working on

work

[wurk]
noun
1.
exertion or effort directed to produce or accomplish something; labor; toil.
2.
something on which exertion or labor is expended; a task or undertaking: The students finished their work in class.
3.
productive or operative activity.
4.
employment, as in some form of industry, especially as a means of earning one's livelihood: to look for work.
5.
one's place of employment: Don't phone him at work.
6.
materials, things, etc., on which one is working or is to work.
7.
the result of exertion, labor, or activity; a deed or performance.
8.
a product of exertion, labor, or activity: musical works.
9.
an engineering structure, as a building or bridge.
10.
a building, wall, trench, or the like, constructed or made as a means of fortification.
11.
works.
a.
(used with a singular or plural verb) a place or establishment for manufacturing (often used in combination): ironworks.
b.
the working parts of a machine: the works of a watch.
c.
Theology. righteous deeds.
12.
Physics. force times the distance through which it acts; specifically, the transference of energy equal to the product of the component of a force that acts in the direction of the motion of the point of application of the force and the distance through which the point of application moves.
13.
the works, Informal.
a.
everything; all related items or matters: a hamburger with the works.
b.
harsh or cruel treatment: to give someone the works.
adjective
14.
of, for, or concerning work: work clothes.
15.
working ( def 18 ).
verb (used without object), worked or (Archaic) wrought; working.
16.
to do work; labor.
17.
to be employed, especially as a means of earning one's livelihood: He hasn't worked for six weeks.
18.
to be in operation, as a machine.
19.
to act or operate effectively: The pump will not work. The plan works.
20.
to attain a specified condition, as by repeated movement: The nails worked loose.
21.
to have an effect or influence, as on a person or on the mind or feelings of a person.
22.
to move in agitation, as the features under strong emotion.
23.
to make way with effort or under stress: The ship works to windward.
24.
Nautical. to give slightly at the joints, as a vessel under strain at sea.
25.
Machinery. to move improperly, as from defective fitting of parts or from wear.
26.
to undergo treatment by labor in a given way: This dough works slowly.
27.
to ferment, as a liquid.
verb (used with object), worked or ( Archaic, except for 29, 31, 34 ) wrought; working.
28.
to use or manage (an apparatus, contrivance, etc.): She can work many business machines.
29.
to bring about (any result) by or as by work or effort: to work a change.
30.
to manipulate or treat by labor: to work butter.
31.
to put into effective operation.
32.
to operate (a mine, farm, etc.) for productive purposes: to work a coal mine.
33.
to carry on operations in (a district or region).
34.
to make, fashion, or execute by work.
35.
to achieve or win by work or effort: to work one's passage.
36.
to keep (a person, a horse, etc.) at work: She works her employees hard.
37.
to influence or persuade, especially insidiously: to work other people to one's will.
38.
Informal. to exploit (someone or something) to one's advantage: See if you can work your uncle for a new car. He worked his charm in landing a new job.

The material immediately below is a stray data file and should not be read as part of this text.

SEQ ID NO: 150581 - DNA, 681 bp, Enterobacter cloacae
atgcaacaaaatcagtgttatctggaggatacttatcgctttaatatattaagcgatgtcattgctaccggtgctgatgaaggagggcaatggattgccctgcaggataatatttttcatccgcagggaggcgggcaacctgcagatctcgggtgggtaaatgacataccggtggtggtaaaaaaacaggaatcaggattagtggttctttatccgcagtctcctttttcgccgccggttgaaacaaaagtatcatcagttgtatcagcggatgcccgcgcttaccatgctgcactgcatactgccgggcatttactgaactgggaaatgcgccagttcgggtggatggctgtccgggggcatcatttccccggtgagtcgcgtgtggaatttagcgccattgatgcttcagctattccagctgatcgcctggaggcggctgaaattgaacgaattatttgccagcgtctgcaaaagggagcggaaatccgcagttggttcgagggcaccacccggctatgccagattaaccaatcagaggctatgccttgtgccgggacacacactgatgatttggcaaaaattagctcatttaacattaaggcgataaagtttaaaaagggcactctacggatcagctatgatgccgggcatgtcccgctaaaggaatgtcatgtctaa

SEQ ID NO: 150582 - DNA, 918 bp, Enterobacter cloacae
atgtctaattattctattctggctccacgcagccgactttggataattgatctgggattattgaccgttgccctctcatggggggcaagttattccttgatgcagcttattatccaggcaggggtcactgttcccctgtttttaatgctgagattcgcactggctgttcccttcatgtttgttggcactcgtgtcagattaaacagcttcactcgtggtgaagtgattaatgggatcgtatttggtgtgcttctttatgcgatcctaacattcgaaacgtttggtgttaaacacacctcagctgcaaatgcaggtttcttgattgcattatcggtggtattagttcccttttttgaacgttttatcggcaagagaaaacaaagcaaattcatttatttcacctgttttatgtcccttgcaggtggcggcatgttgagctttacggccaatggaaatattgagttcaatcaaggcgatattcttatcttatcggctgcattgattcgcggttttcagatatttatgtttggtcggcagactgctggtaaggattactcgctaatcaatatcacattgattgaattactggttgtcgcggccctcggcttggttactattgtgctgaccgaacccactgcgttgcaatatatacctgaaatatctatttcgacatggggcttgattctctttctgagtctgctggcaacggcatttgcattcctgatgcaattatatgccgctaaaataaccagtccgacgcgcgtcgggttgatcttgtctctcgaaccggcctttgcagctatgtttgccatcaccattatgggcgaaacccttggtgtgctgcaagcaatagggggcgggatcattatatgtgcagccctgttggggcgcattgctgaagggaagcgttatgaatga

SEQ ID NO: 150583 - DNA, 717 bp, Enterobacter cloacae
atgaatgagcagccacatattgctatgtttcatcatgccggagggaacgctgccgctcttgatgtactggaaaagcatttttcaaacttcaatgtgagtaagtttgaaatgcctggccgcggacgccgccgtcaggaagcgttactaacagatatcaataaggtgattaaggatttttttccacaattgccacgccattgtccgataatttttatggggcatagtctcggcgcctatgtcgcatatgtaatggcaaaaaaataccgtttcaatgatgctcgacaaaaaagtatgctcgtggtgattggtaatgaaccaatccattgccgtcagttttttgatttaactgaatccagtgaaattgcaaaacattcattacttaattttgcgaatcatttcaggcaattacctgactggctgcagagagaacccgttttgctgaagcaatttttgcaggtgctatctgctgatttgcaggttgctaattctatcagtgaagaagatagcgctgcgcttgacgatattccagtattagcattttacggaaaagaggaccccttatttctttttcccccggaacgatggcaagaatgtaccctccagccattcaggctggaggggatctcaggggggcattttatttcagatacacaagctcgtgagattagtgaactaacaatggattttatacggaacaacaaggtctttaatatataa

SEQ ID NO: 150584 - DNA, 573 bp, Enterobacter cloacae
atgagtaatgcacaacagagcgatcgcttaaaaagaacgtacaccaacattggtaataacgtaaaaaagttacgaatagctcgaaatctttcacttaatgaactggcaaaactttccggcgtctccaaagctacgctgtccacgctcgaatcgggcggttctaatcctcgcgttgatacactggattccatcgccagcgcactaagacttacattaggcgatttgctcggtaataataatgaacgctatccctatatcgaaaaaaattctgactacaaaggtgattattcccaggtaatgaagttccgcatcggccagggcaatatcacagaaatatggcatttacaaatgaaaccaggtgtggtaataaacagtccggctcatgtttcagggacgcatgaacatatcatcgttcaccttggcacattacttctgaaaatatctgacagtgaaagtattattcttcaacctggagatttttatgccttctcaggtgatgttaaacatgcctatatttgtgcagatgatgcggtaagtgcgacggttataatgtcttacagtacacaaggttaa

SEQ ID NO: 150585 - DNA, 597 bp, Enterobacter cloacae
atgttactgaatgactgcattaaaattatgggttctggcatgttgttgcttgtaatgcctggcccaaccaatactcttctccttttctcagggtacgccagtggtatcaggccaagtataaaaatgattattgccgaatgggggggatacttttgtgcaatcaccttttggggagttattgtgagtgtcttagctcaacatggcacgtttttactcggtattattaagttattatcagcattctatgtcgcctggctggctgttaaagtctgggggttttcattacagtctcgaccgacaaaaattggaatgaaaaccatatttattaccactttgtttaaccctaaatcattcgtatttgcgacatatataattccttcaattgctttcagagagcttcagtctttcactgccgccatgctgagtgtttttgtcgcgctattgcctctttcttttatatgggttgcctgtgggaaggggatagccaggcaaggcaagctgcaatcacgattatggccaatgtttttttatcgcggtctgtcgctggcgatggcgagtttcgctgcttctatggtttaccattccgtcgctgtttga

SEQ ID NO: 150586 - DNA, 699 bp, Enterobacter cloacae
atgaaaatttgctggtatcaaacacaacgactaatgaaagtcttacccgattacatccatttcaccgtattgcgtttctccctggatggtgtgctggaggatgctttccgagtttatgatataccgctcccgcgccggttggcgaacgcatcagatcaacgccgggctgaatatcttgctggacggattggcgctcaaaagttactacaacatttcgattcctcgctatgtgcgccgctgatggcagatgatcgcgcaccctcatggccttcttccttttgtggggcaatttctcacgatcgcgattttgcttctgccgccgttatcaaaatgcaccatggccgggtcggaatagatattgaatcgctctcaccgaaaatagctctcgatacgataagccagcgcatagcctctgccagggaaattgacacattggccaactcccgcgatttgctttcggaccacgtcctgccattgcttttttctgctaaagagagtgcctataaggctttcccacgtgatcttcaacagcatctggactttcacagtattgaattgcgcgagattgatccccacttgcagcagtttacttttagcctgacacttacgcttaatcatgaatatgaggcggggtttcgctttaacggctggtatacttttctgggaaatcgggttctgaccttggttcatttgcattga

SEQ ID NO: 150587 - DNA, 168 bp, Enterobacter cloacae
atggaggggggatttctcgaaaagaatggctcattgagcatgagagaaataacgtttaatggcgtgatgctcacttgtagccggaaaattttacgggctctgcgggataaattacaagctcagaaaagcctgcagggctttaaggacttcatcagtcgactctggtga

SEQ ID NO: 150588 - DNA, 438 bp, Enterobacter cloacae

39.
to make or decorate by needlework or embroidery: She worked a needlepoint cushion.
40.
to cause fermentation in.
Verb phrases
41.
work in/into,
a.
to bring or put in; add, merge, or blend: The tailor worked in the patch skillfully. Work the cream into the hands until it is completely absorbed.
b.
to arrange a time or employment for: The dentist was very busy, but said she would be able to work me in late in the afternoon. They worked him into the new operation.
42.
work off,
a.
to lose or dispose of, as by exercise or labor: We decided to work off the effects of a heavy supper by walking for an hour.
b.
to pay or fulfill by working: He worked off his debt by doing odd jobs.
43.
work on/upon, to exercise influence on; persuade; affect: I'll work on her, and maybe she'll change her mind.
44.
work out,
a.
to bring about by work, effort, or action.
b.
to solve, as a problem.
c.
to arrive at by or as by calculation.
d.
to pay (a debt) by working instead of paying money.
e.
to exhaust, as a mine.
f.
to issue in a result.
g.
to evolve; elaborate.
h.
to amount to (a total or specified figure); add up (to): The total works out to 176.
i.
to prove effective or successful: Their marriage just didn't work out.
j.
to practice, exercise, or train, especially in order to become proficient in an athletic sport: The boxers are working out at the gym tonight.
45.
work over,
a.
to study or examine thoroughly: For my term paper I worked over 30 volumes of Roman history.
b.
Informal. to beat unsparingly, especially in order to obtain something or out of revenge: They threatened to work him over until he talked.
46.
work through, to deal with successfully; come to terms with: to work through one's feelings of guilt.
47.
work up,
a.
to move or stir the feelings; excite.
b.
to prepare; elaborate: Work up some plans.
c.
to increase in efficiency or skill: He worked up his typing speed to 70 words a minute.
48.
work up to, rise to a higher position; advance: He worked up to the presidency.
Idioms
49.
at work,
a.
working, as at one's job: He's at work on a new novel.
b.
in action or operation: to see the machines at work.
50.
gum up the works, Slang. to spoil something, as through blundering or stupidity: The surprise party was all arranged, but her little brother gummed up the works and told her.
51.
in the works, in preparation or being planned: A musical version of the book is in the works.
52.
make short work of, to finish or dispose of quickly: We made short work of the chocolate layer cake.
53.
out of work, unemployed; jobless: Many people in the area were out of work.
54.
shoot the works, Slang. to spend all one's resources: Let's shoot the works and order the crêpes suzette.

Origin:
before 900; (noun) Middle English worke, Old English worc, replacing Middle English werk(e), Old English weorc, cognate with Old Frisian, Old Saxon werk, Old High German werah, werc (German Werk), Old Norse verk, Greek érgon; (v.) Middle English worken, derivative of the noun, replacing Middle English wyrchen, Old English wyrcean; cognate with German wirken, Old Norse verkja, Gothic waurkjan

nonwork, noun
prework, verb, preworked or prewrought, preworking.
prework, noun, adjective